What is LinkedIn good for, beyond spamming strangers? Do people actually get jobs on there?
LinkedIn is that unlikely contradiction: the social network that’s all business. No one’s up late at night checking out their connections’ connections, or who endorsed who and for what. You log in about once a month, you accept the “invitations to connect” from a handful of strangers, and you log out. And you’re sent, on average, 1.75 emails a day for the privilege.
At least that’s not about the extent of my own engagement. As far as social media housekeeping goes, maintaining my LinkedIn is the equivalent of cleaning the cutlery drawers, or wiping down lightbulbs – you do it irregularly and perfunctorily because someone told you to, not because there’s any obvious benefit.
But it seems I may have underestimated LinkedIn – at least by numbers. It has half a billion members, about 180m fewer than Twitter, with 319m monthly active users as of February. And think of all the words, energy and analysis given over to tweets. (One word: covfefe.)
The platform says each new connection extends the reach of your professional network by an average of 400 people, 100 companies and more than 500 jobs. It all sounds like a bit much to expect of my ex-girlfriend’s dad and my high school English teacher, both of whom invited me to connect three years ago – but who am I to close any potential doors?
To use Seinfeld terminology, LinkedIn feels a little like the Bizarro Facebook, where instead of births and engagements people publicise their “microactions” and “thought leadership”. One consultant with a large following described herself as “the Michael Bay of business”. Fleetingly, I wondered: would anyone buy that I was the Michael Bay of journalism?
LinkedIn is that kind of place – “a wasteland of endless management consultants congratulating each other”, to quote one correspondent.
“It’s not a healthy environment,” someone else messaged me. “There’s an excess focus on simulating optimism and excitement, rather than clear-headed discussion on issues. It’s like a giant, living, breathing resume, complete with bad formatting, plasticised optimism and synthetic relationships.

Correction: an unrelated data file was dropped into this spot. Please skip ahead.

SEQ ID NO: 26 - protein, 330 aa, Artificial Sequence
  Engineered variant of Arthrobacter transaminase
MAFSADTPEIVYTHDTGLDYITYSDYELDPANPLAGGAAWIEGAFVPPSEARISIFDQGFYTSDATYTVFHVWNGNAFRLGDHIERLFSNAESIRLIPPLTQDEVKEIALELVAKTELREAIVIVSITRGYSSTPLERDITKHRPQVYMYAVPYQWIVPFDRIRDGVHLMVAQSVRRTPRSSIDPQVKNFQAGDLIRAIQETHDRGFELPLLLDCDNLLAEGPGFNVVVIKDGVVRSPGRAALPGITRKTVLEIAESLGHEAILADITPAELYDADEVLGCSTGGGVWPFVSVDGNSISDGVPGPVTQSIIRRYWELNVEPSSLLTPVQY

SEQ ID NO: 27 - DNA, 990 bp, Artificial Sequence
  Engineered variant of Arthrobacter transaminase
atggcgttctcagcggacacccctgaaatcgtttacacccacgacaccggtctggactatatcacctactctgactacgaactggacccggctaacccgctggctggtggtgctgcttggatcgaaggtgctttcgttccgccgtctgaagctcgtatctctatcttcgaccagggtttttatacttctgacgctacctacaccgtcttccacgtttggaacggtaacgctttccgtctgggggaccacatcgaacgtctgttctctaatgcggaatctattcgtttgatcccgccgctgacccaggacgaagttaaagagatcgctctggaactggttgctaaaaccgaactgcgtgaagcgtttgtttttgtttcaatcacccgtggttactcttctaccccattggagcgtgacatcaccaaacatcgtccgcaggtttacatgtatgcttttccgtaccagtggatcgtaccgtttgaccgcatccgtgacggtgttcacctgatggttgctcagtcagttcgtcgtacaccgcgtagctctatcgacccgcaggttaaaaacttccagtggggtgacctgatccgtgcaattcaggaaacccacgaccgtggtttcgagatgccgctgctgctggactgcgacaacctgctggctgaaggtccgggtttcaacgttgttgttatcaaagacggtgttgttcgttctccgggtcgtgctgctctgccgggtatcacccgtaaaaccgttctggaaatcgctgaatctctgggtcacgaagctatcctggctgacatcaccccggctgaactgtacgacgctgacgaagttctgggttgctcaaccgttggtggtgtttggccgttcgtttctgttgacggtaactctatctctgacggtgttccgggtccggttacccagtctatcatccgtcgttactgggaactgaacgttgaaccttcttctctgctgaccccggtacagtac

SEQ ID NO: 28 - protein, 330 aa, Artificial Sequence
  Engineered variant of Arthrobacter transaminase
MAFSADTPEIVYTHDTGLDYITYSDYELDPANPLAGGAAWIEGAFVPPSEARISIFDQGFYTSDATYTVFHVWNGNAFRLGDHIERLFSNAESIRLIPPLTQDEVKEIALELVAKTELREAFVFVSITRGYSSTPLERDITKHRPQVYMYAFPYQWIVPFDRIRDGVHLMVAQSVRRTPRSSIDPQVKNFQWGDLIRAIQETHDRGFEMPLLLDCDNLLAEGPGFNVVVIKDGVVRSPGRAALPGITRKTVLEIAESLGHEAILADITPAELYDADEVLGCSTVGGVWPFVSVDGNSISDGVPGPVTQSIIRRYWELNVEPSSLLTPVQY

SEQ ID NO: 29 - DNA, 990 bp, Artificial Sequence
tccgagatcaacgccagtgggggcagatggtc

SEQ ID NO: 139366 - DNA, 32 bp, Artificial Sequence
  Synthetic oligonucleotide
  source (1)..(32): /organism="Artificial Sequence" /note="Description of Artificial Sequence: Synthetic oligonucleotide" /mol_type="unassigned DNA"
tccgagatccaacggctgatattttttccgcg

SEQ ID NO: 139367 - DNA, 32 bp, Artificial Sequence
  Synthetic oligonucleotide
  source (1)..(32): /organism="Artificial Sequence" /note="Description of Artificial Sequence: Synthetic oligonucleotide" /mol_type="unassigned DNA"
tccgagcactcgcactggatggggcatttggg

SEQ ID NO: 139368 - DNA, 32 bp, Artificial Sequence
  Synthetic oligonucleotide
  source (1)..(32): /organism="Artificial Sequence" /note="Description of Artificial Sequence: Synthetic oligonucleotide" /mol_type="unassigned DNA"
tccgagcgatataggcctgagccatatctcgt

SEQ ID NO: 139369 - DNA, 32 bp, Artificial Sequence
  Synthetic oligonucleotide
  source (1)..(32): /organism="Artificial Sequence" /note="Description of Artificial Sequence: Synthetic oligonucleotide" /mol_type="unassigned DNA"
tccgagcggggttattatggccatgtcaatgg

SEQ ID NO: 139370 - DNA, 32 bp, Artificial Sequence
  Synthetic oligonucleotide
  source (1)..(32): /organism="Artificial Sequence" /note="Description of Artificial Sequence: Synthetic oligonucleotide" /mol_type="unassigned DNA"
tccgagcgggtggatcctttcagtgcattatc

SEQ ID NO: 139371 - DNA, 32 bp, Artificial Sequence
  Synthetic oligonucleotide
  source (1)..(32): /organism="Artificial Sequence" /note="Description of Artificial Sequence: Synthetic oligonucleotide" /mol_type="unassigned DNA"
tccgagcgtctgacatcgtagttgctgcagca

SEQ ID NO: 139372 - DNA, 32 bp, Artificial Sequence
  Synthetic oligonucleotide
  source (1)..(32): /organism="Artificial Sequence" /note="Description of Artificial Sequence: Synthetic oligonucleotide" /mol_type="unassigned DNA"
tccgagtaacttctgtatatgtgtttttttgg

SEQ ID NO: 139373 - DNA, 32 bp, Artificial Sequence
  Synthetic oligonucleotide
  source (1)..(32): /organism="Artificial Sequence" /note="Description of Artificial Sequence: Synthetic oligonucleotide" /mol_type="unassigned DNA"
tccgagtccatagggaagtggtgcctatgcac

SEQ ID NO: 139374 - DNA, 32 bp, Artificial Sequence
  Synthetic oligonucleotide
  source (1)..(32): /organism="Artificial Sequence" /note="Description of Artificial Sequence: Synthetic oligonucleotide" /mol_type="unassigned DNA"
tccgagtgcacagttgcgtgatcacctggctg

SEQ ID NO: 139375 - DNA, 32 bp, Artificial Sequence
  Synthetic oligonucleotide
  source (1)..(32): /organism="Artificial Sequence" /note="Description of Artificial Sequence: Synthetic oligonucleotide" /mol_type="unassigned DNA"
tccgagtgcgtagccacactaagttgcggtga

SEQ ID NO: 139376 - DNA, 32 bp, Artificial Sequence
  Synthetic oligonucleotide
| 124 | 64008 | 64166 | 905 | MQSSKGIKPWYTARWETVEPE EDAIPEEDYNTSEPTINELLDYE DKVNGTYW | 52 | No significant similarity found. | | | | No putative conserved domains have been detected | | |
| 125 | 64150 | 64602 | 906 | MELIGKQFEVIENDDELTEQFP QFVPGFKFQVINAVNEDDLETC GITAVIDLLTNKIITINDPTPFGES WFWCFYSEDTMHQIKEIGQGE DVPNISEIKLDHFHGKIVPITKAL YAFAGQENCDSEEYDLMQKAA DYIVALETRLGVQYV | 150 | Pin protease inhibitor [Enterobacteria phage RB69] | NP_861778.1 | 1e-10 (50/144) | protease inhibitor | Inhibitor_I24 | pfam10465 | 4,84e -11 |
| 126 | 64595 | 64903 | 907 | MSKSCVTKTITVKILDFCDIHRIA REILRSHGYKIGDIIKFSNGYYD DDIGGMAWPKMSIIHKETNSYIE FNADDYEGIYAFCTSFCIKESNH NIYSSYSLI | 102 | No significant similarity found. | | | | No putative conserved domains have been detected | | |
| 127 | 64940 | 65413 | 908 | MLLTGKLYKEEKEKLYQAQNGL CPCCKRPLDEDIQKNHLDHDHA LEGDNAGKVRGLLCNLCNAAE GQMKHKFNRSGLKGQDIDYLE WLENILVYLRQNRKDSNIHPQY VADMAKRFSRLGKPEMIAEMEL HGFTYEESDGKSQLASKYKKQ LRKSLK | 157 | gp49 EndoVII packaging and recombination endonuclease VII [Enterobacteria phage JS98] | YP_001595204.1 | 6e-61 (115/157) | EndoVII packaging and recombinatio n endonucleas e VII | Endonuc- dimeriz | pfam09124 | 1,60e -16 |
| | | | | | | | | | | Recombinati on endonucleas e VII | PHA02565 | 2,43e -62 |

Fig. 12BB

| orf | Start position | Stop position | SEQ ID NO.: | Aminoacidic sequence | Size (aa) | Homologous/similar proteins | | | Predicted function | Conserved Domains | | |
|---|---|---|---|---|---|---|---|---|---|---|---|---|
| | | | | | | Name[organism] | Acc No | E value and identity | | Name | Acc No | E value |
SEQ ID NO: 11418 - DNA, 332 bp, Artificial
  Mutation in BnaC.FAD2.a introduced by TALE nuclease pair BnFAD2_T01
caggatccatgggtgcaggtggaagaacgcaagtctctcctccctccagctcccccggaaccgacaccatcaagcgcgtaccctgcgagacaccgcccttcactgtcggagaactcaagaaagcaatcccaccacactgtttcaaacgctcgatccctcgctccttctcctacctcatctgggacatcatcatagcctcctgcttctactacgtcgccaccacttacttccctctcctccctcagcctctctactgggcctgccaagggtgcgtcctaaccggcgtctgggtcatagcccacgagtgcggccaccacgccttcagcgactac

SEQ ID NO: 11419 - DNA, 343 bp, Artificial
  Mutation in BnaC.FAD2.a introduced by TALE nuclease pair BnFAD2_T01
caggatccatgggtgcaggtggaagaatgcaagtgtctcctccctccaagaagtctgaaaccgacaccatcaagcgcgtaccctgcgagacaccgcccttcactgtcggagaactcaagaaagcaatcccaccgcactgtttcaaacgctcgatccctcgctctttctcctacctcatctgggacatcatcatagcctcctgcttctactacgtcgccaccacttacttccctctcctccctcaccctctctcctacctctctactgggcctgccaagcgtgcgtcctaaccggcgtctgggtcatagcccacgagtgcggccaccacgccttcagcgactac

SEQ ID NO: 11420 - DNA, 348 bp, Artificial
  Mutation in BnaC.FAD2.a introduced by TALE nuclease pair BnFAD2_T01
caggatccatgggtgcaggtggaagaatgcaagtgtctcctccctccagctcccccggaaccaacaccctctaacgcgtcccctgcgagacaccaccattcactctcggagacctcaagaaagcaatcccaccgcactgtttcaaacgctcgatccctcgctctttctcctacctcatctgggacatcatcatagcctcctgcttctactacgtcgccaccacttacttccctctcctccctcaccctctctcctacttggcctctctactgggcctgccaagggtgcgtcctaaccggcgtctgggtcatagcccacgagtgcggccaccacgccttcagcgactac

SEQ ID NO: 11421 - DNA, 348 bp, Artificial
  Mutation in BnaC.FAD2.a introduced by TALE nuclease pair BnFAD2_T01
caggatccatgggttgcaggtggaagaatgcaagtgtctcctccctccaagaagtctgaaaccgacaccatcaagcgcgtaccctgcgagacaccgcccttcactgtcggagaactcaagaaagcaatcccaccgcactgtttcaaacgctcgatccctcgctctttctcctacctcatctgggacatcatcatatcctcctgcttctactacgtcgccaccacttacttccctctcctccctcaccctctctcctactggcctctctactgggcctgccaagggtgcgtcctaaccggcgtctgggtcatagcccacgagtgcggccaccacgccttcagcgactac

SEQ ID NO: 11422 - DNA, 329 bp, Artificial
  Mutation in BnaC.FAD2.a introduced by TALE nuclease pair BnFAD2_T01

“It’s the worst of social media, combined with the worst of corporate culture, combined with the worst of website design. I hate it, but I have to also pretend to love it for my own work and to communicate with my industry.”
He concluded by asking me not to name him: “I’m actually on the lookout for jobs, and my clients are pretty keen on LinkedIn!”
Many people I spoke to – across a wide range of sectors, including business, finance, energy, automotive and telecom – shared his sense of resignation. LinkedIn wasn’t necessarily their platform of choice, but that’s where their industries were. The user experience was singled out as frustrating – not to mention the spam, with one user urging others to be “super-careful” about invitations to connect: “Press the wrong button and your friends get pestered for eternity.”
“I don’t know any companies that don’t use LinkedIn to spam their products or services,” said someone else, who works in the start-up sector.
Over the years LinkedIn became more of a copy of Facebook, at least there you know what you are posting is not making sense to some people or not even taken seriously. LinkedIn, is since the last years a network which people showing how good they in their job, making a promotion or asking for recommendations, but are these recommendations grounded on the reality?